Friday, 11 July 2014

Carless in America

By Bettijane Eisenpreis

I was standing at the reception desk in the Red Lion Inn in Stockbridge, Massachusetts, the lovely old resort hotel in the Berkshire Mountains, when the woman behind the desk handed my completed registration form back to me. “You didn’t fill out this section giving us the information on your car,” she said.

“I don’t have a car,” I replied.

Had I told her I had two heads, she could not have looked more confused.

Unlike most citizens of the United States, people who live in New York City – or, at least, in Manhattan – do not regard a car as one of the necessities of life. Public transportation, complain about it though we may, takes us nearly everywhere we need to go.

When it rains or you’re in a hurry, taxis usually fill the bill. True, taxis seem to dissolve at the first drop of rain and they are expensive. Still, you don’t have to park them or pay the gas and insurance. The monthly rental fee for a garage in Manhattan is more than many Americans pay for a two-bedroom apartment.

For years after my marriage, I was the family driver. I was always a nervous driver and, with accumulating age and infirmities, finally decided I was dangerous and should stop driving. I was ahead of the State of New York in making the decision – but not by much. I had already had one fender-bender which would have been worse if I had been going more than 20 miles per hour.

Not driving in Manhattan means being like almost everyone else. Not driving in the Berkshires is equivalent to being an invader from outer space.

There is excellent bus service to Stockbridge, Lenox and points north from New York City but once you are there, it’s another story.

I did find a local taxi service on the internet and made reservations with them for the two Tanglewood concerts for which we had reserved seats. But how would we get around the other five days that we planned to be in Stockbridge?

While still in New York, I had surfed the web for a local transit system. Sure enough, there was one. I carefully printed out the schedules of some of its routes, finding that we could reach several sites of interest with great speed and efficiency.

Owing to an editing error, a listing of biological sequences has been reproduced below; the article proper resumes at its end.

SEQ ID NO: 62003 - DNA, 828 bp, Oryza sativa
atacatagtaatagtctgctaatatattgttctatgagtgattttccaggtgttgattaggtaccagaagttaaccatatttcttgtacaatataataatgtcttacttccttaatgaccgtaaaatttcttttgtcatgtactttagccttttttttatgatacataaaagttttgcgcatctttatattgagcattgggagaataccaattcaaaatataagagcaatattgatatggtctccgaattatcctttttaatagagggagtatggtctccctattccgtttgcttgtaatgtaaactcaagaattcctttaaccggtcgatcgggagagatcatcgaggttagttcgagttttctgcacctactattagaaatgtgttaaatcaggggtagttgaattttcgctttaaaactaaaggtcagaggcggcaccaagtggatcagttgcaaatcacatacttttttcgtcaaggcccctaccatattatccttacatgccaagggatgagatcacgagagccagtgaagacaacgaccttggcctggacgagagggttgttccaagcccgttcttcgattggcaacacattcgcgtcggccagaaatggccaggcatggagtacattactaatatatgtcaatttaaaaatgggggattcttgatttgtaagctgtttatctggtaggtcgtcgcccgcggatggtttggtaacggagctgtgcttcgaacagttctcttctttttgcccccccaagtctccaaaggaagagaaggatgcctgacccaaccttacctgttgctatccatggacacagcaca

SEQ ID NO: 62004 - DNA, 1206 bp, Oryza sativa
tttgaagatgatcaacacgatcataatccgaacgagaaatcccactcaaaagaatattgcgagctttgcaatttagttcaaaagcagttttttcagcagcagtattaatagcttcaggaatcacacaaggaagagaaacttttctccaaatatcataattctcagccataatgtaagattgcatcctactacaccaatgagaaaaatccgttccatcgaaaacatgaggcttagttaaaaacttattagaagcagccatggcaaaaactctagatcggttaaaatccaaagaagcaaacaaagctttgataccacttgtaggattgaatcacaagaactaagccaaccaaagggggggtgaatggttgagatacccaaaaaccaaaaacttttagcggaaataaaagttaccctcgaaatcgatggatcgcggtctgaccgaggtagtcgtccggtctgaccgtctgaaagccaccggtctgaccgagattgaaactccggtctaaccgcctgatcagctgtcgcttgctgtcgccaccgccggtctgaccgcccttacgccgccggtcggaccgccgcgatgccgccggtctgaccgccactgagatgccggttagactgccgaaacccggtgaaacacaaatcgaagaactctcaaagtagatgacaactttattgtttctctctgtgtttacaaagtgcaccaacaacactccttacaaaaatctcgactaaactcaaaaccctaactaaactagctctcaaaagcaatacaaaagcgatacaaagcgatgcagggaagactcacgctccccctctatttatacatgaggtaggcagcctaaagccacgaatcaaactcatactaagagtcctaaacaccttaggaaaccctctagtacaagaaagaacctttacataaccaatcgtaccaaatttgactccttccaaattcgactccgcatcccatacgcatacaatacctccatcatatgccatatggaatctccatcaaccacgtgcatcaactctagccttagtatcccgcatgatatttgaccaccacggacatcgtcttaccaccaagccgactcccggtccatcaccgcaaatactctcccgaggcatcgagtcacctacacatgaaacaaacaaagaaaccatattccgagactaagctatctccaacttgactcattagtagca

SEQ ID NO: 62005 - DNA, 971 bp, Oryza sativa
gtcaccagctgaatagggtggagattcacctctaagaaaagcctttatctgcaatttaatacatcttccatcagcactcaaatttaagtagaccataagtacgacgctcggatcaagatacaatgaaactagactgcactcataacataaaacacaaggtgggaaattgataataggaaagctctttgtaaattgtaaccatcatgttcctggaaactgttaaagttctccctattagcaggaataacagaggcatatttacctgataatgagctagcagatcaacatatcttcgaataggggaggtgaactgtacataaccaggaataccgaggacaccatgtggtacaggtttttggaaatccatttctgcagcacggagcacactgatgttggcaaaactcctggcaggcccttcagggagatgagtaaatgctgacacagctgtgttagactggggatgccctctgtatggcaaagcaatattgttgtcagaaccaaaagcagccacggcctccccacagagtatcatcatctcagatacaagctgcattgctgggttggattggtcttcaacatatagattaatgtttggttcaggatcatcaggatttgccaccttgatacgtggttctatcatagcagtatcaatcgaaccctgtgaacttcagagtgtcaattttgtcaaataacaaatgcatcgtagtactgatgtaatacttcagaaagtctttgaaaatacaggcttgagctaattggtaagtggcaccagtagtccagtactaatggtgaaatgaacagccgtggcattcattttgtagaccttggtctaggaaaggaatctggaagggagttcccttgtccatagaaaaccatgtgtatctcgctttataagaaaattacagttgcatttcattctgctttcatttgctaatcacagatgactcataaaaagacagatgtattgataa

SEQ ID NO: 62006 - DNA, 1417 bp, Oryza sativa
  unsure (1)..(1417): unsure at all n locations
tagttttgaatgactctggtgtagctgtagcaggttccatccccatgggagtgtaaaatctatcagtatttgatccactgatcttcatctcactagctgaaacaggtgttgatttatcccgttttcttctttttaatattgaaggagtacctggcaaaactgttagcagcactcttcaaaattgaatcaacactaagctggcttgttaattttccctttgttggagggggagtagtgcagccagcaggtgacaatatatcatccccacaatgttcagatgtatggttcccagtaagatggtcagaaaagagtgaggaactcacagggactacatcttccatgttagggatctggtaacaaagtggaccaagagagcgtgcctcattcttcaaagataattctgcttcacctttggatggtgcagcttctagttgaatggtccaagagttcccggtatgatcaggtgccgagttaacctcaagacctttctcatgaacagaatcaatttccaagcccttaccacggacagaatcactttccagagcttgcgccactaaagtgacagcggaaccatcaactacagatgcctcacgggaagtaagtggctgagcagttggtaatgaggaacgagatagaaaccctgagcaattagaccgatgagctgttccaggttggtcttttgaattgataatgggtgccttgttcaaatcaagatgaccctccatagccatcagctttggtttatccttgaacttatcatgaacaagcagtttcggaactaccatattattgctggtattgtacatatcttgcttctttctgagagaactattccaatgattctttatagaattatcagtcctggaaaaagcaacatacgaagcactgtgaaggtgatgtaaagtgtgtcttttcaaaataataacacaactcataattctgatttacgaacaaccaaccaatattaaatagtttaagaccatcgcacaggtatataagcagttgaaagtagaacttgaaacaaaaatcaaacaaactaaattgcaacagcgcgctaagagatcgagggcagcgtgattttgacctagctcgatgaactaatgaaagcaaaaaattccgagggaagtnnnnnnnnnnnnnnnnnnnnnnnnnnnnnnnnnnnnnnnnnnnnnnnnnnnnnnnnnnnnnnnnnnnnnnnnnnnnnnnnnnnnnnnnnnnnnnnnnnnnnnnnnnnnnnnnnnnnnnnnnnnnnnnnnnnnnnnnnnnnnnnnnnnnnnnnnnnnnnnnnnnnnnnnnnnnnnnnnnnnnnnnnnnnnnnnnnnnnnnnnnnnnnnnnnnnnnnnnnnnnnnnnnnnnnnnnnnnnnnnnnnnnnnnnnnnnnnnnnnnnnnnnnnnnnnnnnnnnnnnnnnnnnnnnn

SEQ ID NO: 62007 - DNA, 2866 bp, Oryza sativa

Other destinations required a quick change of buses at a shopping center in nearby Lee. And several destinations were an example of “You can’t get there from here.”

But wait! Maybe I was going about this the wrong way. I had booked the hotel in Stockbridge for a week. Why not assume that meant I should stay in Stockbridge for a week – not use it as a base for forays into all of New England?

And as that old New Englander Robert Frost would say, “That has made all the difference.”

Suddenly, I was having a wonderful time. Going to Tanglewood by taxi meant sweeping by lines of concertgoers trudging in from distant parking lots burdened by lawn chairs, picnic baskets and thermoses. Going home meant sweeping by the same people we had seen at 5:30PM, now dragging their paraphernalia and looking desperately for their cars in a sea of similar vehicles.

In the daytime, I took a bus to the Norman Rockwell Museum just “up the road a piece” on Route 183. There was a local museum in the basement of the Stockbridge library with exhibits about the area’s history (and scandals).

I found a general store that carried maple sugar and horehound drops. There were real ice cream cones, the kind I haven’t eaten since I was 10. And I had an opportunity to sit, to write, to read, to use the pool (or not), to stroll the streets (or not) and just to do nothing.

People said hello to me even if they didn’t know me. And since I was not thinking of the next place I needed to drive to, I said hello back. I wasn’t going anywhere – I was there already!

[INVITATION: All elders, 50 and older, are welcome to submit stories for this blog. They can be fiction, non-fiction, poetry, memoir, etc. Please read instructions for submitting.]

Posted by Ronni Bennett at 05:30 AM | Comments (9) | Permalink | Email this post

Thursday, 10 July 2014

Our Mothers

By Maureen Browning